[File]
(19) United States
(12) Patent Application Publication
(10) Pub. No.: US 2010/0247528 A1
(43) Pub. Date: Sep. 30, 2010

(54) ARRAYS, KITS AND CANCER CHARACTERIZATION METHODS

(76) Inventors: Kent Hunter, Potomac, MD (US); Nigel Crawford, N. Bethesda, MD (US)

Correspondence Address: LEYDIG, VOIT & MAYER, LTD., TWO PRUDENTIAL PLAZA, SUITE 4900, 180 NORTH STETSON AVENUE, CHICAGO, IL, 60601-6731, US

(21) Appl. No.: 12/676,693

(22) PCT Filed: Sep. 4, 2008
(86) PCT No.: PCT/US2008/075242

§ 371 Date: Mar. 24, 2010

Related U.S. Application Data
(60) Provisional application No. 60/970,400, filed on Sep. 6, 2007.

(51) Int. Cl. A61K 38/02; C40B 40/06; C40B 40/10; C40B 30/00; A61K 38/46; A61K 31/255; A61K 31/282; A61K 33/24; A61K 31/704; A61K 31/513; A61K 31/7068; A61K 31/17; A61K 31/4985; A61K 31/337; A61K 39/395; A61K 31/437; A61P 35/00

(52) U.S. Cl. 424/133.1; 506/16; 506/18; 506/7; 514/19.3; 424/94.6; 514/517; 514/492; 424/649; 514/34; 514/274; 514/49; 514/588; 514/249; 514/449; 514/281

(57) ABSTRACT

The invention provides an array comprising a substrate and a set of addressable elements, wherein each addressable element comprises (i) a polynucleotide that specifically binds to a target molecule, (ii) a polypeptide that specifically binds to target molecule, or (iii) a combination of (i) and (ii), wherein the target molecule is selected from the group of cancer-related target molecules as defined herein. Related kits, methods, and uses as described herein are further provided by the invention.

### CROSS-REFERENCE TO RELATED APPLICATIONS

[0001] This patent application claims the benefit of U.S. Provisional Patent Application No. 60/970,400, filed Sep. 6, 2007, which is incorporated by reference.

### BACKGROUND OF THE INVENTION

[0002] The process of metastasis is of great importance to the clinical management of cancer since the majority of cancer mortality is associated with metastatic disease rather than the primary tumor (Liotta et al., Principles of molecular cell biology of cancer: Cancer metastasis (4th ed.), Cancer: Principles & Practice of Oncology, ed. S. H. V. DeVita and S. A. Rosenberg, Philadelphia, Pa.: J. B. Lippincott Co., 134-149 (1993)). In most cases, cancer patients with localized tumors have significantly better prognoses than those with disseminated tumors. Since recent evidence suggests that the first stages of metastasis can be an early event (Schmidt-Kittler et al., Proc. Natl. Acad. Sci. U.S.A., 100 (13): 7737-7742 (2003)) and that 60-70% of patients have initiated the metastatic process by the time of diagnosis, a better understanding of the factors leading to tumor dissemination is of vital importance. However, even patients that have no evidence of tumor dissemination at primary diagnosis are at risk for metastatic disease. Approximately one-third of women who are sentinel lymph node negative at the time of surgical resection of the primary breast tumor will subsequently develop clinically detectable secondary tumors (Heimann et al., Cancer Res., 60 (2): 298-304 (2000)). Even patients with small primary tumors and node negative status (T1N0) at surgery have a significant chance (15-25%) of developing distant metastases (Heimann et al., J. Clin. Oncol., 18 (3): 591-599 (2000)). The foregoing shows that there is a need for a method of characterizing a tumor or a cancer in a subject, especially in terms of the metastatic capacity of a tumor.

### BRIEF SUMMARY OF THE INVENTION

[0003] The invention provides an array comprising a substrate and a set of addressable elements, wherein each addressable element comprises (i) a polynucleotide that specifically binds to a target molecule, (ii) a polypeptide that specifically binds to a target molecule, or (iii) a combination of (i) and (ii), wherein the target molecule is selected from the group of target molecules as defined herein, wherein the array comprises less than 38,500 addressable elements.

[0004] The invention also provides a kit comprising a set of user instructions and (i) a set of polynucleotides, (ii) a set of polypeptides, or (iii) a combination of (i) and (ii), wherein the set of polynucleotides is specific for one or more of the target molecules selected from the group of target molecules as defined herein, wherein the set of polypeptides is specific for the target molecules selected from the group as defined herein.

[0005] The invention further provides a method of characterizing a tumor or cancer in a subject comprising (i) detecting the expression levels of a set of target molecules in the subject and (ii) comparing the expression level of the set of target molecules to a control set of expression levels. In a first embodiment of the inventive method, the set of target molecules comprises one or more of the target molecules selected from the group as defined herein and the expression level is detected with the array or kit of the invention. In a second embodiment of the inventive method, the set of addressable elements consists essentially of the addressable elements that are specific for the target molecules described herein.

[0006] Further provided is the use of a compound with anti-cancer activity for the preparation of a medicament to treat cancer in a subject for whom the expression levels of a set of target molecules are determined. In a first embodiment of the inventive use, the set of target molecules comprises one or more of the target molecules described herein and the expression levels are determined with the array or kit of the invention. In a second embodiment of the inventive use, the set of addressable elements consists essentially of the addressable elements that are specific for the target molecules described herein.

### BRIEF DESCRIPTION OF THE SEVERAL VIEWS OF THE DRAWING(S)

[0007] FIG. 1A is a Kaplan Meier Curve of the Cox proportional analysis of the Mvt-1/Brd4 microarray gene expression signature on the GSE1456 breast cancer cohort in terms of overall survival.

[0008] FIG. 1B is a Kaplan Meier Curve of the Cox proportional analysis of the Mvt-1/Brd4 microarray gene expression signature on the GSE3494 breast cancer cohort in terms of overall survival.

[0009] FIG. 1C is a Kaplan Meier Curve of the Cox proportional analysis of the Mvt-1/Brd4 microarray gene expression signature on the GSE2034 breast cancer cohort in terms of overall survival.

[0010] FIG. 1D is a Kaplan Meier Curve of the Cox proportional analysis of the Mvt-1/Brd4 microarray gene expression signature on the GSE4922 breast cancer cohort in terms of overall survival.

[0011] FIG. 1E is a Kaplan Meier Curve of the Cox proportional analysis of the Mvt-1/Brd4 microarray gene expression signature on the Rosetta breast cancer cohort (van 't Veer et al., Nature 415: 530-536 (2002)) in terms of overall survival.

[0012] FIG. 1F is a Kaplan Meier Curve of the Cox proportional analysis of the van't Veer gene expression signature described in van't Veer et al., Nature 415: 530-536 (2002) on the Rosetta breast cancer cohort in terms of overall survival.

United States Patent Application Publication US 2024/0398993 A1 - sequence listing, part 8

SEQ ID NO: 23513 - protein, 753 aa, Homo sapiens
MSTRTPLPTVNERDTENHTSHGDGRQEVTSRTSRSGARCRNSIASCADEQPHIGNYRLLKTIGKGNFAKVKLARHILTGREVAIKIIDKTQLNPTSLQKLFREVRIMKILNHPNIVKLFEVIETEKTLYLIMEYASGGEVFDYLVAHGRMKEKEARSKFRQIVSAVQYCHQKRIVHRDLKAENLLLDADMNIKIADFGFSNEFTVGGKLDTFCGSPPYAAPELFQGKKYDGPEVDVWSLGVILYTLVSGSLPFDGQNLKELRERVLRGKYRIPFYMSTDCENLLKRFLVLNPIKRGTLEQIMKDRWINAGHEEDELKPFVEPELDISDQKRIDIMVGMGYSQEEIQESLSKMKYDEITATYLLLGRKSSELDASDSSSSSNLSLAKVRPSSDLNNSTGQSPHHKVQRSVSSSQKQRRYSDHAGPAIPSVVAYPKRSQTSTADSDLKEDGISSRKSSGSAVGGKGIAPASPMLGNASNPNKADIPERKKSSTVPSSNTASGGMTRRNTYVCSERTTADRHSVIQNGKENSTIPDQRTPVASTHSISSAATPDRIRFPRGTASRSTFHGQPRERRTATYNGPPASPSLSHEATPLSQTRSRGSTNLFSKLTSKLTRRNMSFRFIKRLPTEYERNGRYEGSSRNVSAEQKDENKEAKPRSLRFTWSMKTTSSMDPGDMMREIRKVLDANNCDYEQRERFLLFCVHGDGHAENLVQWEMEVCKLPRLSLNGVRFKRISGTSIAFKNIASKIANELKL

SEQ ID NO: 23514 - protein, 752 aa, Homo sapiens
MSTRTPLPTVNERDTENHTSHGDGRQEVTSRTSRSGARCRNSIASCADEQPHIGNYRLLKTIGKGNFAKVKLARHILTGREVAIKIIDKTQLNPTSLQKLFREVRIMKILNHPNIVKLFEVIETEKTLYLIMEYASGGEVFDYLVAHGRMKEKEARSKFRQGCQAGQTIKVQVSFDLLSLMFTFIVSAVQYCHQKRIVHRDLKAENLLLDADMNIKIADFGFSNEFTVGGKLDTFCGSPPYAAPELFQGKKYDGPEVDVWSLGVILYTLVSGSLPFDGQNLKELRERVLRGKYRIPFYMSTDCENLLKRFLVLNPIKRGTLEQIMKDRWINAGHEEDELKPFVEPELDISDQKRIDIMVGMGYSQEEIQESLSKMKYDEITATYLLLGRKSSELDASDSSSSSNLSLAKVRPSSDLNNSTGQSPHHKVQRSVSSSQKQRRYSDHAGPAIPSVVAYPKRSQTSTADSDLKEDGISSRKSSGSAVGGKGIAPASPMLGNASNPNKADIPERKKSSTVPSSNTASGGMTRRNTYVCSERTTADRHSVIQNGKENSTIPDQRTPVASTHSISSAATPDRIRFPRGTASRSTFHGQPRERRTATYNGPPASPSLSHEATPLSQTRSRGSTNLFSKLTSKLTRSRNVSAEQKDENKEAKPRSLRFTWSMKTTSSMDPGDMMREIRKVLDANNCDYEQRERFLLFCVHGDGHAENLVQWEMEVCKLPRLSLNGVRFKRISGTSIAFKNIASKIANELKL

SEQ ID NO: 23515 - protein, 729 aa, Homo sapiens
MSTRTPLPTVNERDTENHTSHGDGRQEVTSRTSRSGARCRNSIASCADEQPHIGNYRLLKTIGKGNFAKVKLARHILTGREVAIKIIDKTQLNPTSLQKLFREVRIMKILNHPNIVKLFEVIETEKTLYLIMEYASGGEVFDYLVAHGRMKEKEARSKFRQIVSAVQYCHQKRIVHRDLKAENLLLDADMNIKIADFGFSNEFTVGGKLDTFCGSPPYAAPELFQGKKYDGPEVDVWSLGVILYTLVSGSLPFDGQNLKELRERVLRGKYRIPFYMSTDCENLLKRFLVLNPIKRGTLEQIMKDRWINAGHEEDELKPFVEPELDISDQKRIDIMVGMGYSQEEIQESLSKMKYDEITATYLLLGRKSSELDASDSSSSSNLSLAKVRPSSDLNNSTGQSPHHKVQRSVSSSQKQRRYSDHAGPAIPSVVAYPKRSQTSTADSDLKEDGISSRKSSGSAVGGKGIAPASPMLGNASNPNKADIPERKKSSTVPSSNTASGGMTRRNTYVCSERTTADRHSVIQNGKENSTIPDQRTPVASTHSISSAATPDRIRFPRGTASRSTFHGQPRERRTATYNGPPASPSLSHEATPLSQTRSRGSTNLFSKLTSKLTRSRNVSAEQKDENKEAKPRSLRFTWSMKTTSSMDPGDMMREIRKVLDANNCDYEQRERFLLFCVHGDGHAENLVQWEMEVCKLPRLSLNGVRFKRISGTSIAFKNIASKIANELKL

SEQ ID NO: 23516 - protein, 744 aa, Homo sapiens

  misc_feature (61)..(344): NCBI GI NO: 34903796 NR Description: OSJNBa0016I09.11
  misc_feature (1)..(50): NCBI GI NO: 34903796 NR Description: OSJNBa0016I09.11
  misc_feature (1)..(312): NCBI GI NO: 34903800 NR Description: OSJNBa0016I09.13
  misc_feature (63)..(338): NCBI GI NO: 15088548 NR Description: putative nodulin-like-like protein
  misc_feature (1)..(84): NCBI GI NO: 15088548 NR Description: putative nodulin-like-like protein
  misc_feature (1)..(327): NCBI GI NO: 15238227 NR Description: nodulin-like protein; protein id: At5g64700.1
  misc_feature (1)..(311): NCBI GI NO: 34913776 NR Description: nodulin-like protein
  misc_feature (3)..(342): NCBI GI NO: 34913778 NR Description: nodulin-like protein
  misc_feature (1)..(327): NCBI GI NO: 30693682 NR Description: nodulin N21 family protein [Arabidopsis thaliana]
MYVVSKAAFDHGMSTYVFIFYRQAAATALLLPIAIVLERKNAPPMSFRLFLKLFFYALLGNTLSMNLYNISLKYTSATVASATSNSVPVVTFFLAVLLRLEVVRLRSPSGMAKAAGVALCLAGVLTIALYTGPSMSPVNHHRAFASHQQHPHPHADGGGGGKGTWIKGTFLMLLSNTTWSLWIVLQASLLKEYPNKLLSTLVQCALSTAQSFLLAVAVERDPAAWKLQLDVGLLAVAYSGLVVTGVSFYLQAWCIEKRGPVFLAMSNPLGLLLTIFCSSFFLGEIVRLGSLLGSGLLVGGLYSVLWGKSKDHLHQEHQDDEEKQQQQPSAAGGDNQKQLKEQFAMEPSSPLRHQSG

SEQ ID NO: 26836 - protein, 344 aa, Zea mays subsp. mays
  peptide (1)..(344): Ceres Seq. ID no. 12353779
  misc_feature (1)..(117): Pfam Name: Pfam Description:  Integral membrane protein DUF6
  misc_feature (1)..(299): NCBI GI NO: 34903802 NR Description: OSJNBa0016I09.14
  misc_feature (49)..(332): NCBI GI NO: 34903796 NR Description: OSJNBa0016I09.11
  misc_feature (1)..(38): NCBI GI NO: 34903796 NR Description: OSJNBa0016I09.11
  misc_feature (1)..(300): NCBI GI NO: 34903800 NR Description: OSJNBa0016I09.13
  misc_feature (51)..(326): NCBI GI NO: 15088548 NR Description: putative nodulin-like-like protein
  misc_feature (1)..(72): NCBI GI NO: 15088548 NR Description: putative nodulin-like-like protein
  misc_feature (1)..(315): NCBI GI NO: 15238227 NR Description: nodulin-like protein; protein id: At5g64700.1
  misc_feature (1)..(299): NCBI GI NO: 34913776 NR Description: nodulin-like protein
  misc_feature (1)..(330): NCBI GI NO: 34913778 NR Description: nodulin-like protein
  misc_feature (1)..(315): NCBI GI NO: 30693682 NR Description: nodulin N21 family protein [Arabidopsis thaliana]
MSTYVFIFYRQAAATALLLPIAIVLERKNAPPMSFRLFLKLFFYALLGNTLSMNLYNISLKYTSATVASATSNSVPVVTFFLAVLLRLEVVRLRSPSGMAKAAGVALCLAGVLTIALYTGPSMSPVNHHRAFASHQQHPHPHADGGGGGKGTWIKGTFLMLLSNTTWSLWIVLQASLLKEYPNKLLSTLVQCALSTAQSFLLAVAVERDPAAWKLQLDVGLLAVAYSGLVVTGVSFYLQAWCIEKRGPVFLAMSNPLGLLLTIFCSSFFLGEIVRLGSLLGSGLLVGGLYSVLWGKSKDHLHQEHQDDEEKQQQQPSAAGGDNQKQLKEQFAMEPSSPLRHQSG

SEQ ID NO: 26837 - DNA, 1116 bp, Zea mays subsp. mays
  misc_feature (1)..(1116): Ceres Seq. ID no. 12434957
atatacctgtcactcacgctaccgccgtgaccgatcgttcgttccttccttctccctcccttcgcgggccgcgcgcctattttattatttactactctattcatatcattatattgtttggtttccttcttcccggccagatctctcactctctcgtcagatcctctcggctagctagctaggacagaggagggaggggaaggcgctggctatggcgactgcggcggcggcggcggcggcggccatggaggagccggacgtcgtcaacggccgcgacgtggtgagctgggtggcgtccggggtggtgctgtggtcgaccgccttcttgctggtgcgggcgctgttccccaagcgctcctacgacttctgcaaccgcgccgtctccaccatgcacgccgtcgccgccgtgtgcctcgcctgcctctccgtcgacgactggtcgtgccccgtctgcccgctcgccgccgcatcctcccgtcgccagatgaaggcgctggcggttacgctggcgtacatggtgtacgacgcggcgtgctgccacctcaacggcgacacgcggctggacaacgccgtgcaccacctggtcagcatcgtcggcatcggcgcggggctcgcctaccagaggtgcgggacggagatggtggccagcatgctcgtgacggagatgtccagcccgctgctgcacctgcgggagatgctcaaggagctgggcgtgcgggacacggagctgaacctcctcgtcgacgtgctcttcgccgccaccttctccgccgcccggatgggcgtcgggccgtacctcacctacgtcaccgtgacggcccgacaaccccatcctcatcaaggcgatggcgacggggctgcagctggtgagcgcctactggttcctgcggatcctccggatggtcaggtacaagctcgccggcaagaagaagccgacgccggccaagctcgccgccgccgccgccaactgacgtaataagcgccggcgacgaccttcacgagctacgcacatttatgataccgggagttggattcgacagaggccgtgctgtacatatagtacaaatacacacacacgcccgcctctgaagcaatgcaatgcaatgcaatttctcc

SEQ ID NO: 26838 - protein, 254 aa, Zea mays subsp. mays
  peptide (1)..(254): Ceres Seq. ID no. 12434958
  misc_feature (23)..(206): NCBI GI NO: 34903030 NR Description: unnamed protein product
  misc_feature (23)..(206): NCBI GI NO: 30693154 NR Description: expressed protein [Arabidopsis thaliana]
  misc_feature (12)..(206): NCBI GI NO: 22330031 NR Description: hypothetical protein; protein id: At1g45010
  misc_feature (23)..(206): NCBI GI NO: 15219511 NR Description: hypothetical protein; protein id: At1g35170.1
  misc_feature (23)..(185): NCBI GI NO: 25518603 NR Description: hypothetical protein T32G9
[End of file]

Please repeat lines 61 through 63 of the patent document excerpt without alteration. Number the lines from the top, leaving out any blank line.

  misc_feature (1)..(315): NCBI GI NO: 15238227 NR Description: nodulin-like protein; protein id: At5g64700.1
  misc_feature (1)..(299): NCBI GI NO: 34913776 NR Description: nodulin-like protein
  misc_feature (1)..(330): NCBI GI NO: 34913778 NR Description: nodulin-like protein